Re: Too bad!
This shows that absolutely no expense was spared in faking the moon landings. Film and pictures of the landings are the obvious thing to do, but imagine thinking up an obscure little piece of corroboration like this just to add credence to the fraud!
We all know this is being funded by the NSA to spy on the moon inhabitants
I'll get my coat
Where's the Tick when you need him?!?
That's no moon
It's a base station.
So is it half duplex (with, say, radio return) or is this so-called 'Moon' now shooting lasers at us?
Finally, the secret space Nazis hidden on the moon can do some online gaming..... Oh no, the latency! Back to the backgammon board....
nice little earner
NASA could earn some extra cash using the link to send a packet of your best data to the moon and back - you get the packet back, together with a traceroute type log of the journey and a digital certificate of authenticity. Beats that chav geostationary data, hands down.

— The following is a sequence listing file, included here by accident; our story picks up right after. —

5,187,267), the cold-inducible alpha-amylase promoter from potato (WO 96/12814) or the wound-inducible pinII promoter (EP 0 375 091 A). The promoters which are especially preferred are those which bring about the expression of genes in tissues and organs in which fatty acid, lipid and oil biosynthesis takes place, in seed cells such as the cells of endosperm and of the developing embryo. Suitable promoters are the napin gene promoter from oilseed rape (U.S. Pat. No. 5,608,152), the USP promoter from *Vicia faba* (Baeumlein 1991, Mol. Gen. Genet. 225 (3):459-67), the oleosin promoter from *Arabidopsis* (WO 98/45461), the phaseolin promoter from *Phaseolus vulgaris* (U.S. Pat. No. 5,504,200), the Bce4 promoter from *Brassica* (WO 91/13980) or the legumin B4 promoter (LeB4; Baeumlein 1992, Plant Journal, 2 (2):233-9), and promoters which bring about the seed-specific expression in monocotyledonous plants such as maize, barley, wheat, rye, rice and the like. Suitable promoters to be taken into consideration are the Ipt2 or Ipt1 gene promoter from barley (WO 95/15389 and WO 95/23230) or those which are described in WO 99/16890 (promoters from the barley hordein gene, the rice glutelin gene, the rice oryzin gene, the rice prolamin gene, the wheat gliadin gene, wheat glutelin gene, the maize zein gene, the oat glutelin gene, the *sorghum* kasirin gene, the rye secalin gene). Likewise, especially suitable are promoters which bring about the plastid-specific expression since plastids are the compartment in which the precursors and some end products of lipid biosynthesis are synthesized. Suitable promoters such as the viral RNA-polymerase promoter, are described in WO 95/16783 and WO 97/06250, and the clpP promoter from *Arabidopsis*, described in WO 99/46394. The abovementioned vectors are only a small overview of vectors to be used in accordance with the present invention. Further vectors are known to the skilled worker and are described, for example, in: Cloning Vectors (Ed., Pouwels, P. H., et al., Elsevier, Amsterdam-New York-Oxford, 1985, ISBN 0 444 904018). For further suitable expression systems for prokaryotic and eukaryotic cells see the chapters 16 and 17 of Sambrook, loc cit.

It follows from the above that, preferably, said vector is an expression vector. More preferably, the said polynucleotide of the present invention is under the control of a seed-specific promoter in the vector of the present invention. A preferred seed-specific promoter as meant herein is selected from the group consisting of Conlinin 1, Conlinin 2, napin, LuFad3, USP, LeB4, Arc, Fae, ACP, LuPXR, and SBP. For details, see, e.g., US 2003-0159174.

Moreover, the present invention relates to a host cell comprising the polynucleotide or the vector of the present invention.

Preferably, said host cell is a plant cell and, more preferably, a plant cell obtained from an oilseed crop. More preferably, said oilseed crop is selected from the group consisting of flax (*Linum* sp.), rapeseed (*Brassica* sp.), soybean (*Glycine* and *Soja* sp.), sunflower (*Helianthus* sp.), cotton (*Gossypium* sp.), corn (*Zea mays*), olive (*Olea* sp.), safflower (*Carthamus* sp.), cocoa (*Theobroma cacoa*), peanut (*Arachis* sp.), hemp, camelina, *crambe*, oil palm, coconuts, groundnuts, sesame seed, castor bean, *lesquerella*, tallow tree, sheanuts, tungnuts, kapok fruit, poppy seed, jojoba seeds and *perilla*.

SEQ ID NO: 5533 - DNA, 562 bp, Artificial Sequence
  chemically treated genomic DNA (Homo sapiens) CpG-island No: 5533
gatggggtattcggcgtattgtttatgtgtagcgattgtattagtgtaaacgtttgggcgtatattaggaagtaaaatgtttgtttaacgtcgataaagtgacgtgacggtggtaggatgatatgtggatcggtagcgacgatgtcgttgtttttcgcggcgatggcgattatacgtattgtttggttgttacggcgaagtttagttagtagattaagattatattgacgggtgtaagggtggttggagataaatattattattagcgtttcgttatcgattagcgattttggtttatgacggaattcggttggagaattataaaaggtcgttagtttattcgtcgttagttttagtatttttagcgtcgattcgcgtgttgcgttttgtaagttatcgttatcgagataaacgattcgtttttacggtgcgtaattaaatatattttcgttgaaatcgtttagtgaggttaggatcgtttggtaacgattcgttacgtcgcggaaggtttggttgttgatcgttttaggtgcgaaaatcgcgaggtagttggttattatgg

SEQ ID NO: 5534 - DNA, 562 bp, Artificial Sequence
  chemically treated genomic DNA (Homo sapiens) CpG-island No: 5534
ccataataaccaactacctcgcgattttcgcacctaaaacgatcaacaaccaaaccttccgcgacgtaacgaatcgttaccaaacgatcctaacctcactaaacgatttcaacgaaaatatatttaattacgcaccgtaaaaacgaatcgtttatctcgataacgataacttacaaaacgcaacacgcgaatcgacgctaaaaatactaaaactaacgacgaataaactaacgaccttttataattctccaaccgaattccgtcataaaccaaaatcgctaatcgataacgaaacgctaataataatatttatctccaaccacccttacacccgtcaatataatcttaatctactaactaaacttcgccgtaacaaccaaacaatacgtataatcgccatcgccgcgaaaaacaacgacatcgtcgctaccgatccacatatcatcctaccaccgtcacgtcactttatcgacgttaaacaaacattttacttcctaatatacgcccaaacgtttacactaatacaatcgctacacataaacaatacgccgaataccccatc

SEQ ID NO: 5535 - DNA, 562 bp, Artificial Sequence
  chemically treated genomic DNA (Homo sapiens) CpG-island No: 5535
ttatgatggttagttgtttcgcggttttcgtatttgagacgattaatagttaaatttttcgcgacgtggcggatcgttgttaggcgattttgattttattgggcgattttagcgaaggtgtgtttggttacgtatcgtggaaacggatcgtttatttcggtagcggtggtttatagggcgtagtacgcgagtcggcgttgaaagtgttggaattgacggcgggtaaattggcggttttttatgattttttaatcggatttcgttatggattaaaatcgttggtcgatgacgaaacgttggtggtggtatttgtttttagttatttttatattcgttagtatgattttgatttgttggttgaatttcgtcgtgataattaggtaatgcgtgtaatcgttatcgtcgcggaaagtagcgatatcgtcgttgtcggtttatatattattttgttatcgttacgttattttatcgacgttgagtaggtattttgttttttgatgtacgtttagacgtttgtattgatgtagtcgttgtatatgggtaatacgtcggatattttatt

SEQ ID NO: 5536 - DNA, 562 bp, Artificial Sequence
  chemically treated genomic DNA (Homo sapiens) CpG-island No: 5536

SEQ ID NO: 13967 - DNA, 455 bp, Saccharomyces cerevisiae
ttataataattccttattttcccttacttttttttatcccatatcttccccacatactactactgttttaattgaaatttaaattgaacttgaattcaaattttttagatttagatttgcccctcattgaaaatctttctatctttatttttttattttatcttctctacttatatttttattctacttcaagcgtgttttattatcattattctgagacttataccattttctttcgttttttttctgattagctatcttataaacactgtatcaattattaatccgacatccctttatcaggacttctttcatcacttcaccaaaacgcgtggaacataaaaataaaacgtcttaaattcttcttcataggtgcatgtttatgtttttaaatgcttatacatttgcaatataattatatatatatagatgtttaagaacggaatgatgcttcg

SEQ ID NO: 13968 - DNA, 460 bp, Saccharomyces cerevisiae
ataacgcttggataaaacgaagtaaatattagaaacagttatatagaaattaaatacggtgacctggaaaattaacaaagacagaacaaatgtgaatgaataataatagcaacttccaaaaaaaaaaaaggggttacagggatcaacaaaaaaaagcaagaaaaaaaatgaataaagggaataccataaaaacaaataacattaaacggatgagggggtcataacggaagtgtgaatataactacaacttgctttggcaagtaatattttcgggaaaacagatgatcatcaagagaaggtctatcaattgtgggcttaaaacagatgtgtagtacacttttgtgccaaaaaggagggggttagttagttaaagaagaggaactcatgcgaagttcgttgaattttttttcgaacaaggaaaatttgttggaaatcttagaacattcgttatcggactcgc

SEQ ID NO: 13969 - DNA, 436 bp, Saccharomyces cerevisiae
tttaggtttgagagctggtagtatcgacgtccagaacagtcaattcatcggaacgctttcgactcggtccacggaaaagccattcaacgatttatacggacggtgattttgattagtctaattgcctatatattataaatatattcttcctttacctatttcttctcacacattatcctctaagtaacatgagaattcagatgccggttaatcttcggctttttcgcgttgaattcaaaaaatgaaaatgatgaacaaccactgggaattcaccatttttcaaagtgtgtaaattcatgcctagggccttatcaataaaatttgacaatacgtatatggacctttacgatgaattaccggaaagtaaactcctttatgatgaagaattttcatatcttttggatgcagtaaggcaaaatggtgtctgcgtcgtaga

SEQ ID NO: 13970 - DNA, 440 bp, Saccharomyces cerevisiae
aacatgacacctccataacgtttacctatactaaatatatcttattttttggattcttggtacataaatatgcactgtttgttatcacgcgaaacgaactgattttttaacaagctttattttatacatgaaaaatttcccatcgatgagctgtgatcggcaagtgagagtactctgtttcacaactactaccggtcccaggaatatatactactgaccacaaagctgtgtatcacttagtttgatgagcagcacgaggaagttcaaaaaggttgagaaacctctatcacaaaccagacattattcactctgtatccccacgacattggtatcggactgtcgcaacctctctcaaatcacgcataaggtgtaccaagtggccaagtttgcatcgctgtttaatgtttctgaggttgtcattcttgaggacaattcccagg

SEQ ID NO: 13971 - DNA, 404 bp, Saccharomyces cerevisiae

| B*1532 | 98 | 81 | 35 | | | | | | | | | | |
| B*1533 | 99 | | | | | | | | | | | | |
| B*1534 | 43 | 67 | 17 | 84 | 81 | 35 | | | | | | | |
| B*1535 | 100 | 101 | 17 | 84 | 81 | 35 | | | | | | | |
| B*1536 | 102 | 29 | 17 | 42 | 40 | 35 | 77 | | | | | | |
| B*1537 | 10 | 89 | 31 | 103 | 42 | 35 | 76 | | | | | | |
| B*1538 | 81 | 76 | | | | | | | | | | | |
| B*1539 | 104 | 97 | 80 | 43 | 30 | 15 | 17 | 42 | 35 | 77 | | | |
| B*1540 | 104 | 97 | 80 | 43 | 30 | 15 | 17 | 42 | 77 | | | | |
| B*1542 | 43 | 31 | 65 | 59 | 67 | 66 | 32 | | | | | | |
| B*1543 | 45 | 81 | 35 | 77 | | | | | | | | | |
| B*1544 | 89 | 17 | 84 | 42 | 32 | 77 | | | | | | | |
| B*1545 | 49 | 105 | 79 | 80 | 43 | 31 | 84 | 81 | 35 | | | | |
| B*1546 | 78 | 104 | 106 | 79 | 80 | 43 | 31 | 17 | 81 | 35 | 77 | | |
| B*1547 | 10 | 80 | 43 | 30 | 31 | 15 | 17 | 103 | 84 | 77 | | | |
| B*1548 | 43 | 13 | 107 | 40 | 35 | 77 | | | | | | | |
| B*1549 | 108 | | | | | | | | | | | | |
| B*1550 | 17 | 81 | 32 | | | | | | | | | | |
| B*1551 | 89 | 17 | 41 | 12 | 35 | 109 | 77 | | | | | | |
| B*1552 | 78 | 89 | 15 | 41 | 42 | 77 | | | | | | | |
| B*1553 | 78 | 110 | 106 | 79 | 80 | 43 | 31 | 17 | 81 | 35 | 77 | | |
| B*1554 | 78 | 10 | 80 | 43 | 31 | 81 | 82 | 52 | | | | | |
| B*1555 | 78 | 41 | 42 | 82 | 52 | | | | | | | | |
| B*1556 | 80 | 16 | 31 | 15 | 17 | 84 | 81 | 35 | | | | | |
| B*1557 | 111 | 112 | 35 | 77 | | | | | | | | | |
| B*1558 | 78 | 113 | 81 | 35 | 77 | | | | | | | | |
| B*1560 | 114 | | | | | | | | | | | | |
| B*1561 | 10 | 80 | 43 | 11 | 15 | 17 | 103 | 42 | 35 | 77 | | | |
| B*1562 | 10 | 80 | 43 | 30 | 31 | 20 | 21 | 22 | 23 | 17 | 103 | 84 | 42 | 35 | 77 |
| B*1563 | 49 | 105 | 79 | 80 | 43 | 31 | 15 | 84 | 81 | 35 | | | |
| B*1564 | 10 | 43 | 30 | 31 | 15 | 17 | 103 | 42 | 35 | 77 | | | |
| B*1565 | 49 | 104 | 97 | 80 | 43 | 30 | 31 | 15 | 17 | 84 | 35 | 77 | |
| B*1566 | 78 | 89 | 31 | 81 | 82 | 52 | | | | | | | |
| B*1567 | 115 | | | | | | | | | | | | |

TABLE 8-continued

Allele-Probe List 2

Nice headline. Did you also ask this question: Is 100 mpbs Good For A Broadband Speed?
It may be fast, but a round trip is going to take several (~3-4)seconds. Forget taking your Xbox for online games.
So, similar to ping times on Talk-Talk then?
Turn based RPGs should make a big comeback.
"LLCD is the first step on our roadmap toward building the next generation of space communication capability,"
So, we're going to be using lasers in space, but SETI thinks aliens will be using radio. Have I missed something here?
Unfair government competition!